Now that I can open Facebook and message a friend, tweet a classmate, or connect with my family on Instagram, it is hard to remember a time in which I did not have such easy access to communication. In the past decade, technology has heavily impacted my life, especially regarding social media use. Here are several technologies and the ways they have revolutionized the way we communicate.
According to a Business Insider article entitled “Social Media Engagement: The Surprising Facts About How Much Time People Spend On The Major Social Networks” by Emily Adler, Americans spend an average of 37 minutes on social media each day, which is more than they spend on any other major Internet activity, including email. I’m embarrassed to say that I am an American and I spend much more than 37 minutes each day on social media. However, I cannot help but think that I have kept in touch with more people for the past few years because of all the time I spend on social media. When I went away to college, I stopped communicating regularly with many of my high school friends, but I do throw them a Facebook like or favorite their tweets every now and then. Although this is obviously not as effective as a full conversation would be, I still feel like it paves the way for me to politely engage in conversation with them in the future, instead of losing contact with them completely.
I also spend a lot of time on my smart phone. I often find myself wondering how I would have gotten through school, work, and had a thriving social life without the technology I have today. When I have a question about a class assignment, I can be drafting an email to a professor within seconds, or sending a quick text message to a classmate. I am able to communicate quickly with my boss, and can get work done wherever I am. However, a lot of the time that I spend on my smart phone is used to communicate with friends and family through text messaging and Snapchat (an app which allows users to send fun pictures with captions back and forth) or checking up on what my friends are doing through their Instagram pictures and Twitter feeds.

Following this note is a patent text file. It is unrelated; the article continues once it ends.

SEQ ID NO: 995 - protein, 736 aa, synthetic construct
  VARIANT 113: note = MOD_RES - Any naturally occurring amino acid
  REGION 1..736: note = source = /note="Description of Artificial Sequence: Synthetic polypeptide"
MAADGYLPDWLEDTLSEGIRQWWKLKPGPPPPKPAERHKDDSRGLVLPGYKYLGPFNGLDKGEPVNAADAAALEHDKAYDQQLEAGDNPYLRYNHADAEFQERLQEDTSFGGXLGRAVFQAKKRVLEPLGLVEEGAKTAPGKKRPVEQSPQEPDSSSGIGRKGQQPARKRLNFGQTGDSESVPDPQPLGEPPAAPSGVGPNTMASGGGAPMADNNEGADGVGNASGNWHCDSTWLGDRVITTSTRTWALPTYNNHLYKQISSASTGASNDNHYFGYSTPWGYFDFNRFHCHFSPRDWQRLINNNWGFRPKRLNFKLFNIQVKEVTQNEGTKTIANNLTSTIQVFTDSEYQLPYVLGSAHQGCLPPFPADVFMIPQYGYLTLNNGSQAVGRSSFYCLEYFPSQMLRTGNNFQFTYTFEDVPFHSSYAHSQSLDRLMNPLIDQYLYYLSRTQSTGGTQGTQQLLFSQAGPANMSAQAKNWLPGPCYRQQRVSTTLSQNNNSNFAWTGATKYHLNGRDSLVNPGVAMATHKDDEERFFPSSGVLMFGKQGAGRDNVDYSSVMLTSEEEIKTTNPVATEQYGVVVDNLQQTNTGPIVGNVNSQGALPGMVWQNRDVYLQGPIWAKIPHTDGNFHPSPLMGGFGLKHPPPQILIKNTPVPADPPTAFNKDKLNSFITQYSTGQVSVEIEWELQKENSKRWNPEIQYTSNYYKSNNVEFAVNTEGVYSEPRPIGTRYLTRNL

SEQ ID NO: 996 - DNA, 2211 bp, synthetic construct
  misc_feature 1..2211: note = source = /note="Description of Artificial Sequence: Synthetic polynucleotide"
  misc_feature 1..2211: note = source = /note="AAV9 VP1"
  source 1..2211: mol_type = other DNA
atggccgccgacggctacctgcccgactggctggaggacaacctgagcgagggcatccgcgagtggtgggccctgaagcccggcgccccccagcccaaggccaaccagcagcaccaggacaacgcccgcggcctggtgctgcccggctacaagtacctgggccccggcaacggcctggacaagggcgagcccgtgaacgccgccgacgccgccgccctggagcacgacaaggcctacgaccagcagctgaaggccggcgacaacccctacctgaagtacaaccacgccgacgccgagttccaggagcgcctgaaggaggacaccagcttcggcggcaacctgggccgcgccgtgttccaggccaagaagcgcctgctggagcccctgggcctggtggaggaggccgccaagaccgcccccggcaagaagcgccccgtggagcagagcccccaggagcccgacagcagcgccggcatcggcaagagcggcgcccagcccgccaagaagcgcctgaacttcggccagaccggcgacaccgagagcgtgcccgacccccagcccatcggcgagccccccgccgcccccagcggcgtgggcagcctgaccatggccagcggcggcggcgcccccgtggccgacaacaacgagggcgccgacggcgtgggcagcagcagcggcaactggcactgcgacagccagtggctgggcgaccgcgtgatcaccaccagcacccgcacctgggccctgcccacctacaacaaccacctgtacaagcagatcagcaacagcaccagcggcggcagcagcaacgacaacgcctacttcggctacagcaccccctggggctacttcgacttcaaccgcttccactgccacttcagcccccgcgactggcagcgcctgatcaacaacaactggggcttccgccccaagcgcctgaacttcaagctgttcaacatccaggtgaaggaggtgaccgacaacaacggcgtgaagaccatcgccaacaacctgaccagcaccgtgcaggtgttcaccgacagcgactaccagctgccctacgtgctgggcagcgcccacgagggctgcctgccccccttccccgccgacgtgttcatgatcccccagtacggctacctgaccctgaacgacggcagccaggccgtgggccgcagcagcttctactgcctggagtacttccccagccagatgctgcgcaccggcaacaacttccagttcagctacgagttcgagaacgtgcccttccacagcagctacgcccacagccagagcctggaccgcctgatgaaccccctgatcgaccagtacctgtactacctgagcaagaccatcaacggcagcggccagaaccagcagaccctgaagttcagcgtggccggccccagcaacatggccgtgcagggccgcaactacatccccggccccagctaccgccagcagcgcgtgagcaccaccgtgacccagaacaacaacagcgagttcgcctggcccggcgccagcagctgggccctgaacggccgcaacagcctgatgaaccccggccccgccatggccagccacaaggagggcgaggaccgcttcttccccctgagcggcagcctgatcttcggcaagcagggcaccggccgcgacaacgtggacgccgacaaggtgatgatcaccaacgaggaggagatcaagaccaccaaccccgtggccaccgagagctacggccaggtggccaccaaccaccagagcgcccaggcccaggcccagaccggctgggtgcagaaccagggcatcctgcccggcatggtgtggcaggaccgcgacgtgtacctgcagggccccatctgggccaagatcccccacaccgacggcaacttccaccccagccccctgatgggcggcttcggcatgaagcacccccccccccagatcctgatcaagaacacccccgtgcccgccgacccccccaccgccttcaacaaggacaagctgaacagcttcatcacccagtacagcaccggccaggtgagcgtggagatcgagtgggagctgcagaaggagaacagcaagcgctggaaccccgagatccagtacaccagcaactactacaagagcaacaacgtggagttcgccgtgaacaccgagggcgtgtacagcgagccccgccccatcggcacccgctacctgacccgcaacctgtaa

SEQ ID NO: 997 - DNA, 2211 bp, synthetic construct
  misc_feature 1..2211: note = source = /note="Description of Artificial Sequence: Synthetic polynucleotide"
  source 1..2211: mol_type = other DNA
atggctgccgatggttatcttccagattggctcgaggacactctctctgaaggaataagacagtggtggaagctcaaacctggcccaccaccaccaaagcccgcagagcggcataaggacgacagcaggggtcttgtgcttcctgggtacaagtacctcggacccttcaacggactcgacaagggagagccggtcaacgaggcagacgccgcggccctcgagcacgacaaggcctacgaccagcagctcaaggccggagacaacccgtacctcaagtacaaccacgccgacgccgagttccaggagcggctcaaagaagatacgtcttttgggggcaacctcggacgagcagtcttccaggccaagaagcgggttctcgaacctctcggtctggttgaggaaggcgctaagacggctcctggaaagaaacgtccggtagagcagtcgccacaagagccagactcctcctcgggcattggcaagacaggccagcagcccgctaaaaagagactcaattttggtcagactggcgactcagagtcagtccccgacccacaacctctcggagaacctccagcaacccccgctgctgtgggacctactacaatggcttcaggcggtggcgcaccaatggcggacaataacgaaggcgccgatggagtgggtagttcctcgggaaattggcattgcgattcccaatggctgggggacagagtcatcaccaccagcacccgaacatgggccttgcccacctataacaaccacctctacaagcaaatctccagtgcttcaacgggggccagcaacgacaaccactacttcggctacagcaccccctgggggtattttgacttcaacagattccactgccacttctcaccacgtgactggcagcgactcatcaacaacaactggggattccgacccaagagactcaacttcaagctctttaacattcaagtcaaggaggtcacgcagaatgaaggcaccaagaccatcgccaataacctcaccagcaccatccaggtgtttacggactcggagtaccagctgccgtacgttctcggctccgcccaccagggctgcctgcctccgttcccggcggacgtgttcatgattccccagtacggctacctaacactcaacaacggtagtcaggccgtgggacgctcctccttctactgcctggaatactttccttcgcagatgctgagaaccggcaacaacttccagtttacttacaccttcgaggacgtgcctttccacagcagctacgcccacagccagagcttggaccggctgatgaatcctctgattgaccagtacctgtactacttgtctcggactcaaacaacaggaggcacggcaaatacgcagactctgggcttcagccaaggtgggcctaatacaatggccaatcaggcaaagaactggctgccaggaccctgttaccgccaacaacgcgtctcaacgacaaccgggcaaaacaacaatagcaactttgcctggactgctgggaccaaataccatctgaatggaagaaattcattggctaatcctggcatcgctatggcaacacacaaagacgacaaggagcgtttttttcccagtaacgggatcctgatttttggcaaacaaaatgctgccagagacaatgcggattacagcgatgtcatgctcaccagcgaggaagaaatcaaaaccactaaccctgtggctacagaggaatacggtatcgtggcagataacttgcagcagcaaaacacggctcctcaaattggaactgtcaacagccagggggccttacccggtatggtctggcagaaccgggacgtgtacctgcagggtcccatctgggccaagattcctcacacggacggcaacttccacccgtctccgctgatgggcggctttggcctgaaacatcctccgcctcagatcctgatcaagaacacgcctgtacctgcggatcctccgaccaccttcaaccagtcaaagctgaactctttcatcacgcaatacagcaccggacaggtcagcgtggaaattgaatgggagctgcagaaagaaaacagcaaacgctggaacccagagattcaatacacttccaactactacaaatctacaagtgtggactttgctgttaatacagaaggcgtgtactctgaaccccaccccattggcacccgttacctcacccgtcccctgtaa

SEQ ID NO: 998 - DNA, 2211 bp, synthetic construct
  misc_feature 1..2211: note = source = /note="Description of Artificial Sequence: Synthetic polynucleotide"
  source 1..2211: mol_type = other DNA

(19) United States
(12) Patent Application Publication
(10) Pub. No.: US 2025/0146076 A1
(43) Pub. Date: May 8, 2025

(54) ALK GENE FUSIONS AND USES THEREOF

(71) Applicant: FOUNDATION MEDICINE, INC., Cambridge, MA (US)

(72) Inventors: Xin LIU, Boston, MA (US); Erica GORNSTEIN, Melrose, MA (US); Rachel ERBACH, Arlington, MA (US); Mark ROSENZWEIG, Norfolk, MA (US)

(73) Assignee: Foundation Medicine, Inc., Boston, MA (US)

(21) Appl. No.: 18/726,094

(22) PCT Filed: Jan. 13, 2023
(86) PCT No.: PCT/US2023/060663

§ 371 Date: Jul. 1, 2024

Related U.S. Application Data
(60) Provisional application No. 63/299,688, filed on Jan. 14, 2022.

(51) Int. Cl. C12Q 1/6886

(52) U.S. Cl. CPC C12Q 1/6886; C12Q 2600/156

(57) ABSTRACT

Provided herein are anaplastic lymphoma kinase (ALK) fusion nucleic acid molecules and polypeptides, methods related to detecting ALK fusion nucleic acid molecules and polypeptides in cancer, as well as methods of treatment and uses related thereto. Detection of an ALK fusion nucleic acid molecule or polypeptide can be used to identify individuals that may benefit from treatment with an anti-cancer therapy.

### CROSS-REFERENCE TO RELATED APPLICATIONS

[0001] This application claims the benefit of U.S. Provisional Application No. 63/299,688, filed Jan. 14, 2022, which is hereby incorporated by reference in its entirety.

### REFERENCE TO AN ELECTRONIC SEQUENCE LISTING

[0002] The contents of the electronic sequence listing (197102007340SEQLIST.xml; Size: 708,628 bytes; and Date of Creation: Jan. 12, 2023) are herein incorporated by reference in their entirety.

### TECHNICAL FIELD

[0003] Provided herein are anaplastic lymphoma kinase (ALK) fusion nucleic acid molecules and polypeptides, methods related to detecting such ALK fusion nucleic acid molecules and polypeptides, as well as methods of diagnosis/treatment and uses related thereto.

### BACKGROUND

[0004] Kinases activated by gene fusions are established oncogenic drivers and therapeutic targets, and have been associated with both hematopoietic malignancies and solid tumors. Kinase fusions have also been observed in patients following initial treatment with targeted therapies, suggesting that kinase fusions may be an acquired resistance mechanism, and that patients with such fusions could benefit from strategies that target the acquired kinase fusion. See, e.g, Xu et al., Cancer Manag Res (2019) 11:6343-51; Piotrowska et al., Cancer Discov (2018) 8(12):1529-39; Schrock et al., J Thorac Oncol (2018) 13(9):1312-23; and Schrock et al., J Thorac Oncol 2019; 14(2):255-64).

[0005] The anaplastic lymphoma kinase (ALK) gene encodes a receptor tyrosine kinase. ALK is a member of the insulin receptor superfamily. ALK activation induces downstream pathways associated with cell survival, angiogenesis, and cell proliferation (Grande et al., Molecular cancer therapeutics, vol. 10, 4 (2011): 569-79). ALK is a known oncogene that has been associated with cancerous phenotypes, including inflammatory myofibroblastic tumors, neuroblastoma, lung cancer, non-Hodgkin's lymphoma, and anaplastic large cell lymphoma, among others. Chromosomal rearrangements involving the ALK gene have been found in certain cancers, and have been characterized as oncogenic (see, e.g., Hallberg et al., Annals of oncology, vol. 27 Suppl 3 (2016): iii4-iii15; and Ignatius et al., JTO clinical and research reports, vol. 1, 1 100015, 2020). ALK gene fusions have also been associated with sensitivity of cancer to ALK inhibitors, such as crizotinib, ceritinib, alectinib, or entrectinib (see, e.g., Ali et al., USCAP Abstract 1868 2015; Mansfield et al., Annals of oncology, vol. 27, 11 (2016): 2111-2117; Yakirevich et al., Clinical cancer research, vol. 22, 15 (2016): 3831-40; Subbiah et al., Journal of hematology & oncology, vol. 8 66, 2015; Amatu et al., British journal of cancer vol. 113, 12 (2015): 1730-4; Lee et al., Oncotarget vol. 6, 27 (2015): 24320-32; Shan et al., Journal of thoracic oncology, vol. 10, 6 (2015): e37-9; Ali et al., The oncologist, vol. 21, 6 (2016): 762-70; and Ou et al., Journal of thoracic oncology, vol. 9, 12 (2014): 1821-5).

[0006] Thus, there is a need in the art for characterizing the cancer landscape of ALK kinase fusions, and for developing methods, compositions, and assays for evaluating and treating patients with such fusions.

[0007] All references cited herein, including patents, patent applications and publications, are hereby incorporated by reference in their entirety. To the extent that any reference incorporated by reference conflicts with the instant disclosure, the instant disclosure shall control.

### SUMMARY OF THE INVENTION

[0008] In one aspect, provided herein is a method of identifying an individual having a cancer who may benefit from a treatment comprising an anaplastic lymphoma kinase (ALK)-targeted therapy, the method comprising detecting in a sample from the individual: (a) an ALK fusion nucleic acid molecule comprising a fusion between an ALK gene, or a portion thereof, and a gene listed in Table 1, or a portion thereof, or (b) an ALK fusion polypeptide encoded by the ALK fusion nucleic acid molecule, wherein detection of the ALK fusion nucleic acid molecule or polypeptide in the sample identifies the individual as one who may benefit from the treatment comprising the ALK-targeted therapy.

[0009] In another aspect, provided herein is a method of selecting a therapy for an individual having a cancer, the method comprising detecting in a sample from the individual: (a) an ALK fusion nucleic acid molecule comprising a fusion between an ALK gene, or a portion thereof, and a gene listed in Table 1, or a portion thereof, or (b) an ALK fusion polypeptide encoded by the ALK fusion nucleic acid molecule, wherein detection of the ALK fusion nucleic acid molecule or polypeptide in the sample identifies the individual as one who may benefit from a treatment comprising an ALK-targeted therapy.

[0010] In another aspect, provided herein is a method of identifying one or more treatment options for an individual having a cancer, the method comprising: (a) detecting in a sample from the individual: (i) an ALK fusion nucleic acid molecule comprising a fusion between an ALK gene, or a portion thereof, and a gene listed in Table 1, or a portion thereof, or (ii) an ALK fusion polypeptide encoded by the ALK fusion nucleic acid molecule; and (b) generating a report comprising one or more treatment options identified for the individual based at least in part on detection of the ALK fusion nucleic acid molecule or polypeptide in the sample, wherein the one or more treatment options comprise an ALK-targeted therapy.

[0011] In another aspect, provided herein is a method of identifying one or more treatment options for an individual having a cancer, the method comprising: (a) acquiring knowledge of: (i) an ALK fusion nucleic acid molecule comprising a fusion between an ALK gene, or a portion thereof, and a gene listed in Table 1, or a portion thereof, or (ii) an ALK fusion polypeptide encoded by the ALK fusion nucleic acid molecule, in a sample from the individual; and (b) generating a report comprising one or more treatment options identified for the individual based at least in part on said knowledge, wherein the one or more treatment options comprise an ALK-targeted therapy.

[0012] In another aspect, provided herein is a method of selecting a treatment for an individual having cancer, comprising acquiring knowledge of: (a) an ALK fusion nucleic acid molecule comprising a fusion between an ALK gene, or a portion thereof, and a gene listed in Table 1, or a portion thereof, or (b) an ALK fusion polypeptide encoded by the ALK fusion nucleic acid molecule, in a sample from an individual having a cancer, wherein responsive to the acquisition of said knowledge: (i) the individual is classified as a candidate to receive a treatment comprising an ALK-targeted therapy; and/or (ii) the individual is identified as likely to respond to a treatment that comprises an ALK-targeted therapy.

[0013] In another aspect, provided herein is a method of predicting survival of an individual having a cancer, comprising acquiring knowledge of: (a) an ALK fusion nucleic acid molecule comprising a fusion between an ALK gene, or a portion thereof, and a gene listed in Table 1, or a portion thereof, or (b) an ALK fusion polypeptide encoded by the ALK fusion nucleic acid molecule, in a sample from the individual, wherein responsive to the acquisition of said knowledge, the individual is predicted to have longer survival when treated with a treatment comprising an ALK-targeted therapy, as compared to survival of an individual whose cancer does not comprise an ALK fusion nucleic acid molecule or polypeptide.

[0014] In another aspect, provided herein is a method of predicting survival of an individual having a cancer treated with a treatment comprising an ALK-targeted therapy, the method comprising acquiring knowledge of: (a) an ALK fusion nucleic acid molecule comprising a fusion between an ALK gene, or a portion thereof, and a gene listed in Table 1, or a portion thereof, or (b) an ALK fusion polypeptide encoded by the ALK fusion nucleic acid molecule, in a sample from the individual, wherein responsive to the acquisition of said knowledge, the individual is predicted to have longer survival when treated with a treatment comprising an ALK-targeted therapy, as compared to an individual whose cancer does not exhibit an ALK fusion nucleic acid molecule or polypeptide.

Social Skills (Without Technology)
Although I am extremely grateful for the opportunities that technology has given to me, I also wonder whether or not it is restricting me from improving social skills. I am comforted by the New York Times article entitled “Technology is Not Driving Us Apart At All” by Mark Oppenheimer. The article discusses how Keith Hampton, a professor at Rutgers and a team of 11 students from the University of Pennsylvania, compared video footage they took of Bryant Park in New York City with video footage taken in the same spot 30 years ago by sociologist William H. Whyte. After analyzing two thousand hours of footage, Hampton and his team concluded that technology does not make people any more fragmented in social situations. Clearly there may be differing opinions and findings on whether technology has improved our ability to interact with each other, but there is no doubt that it has made communication, in whatever form, easier than ever before.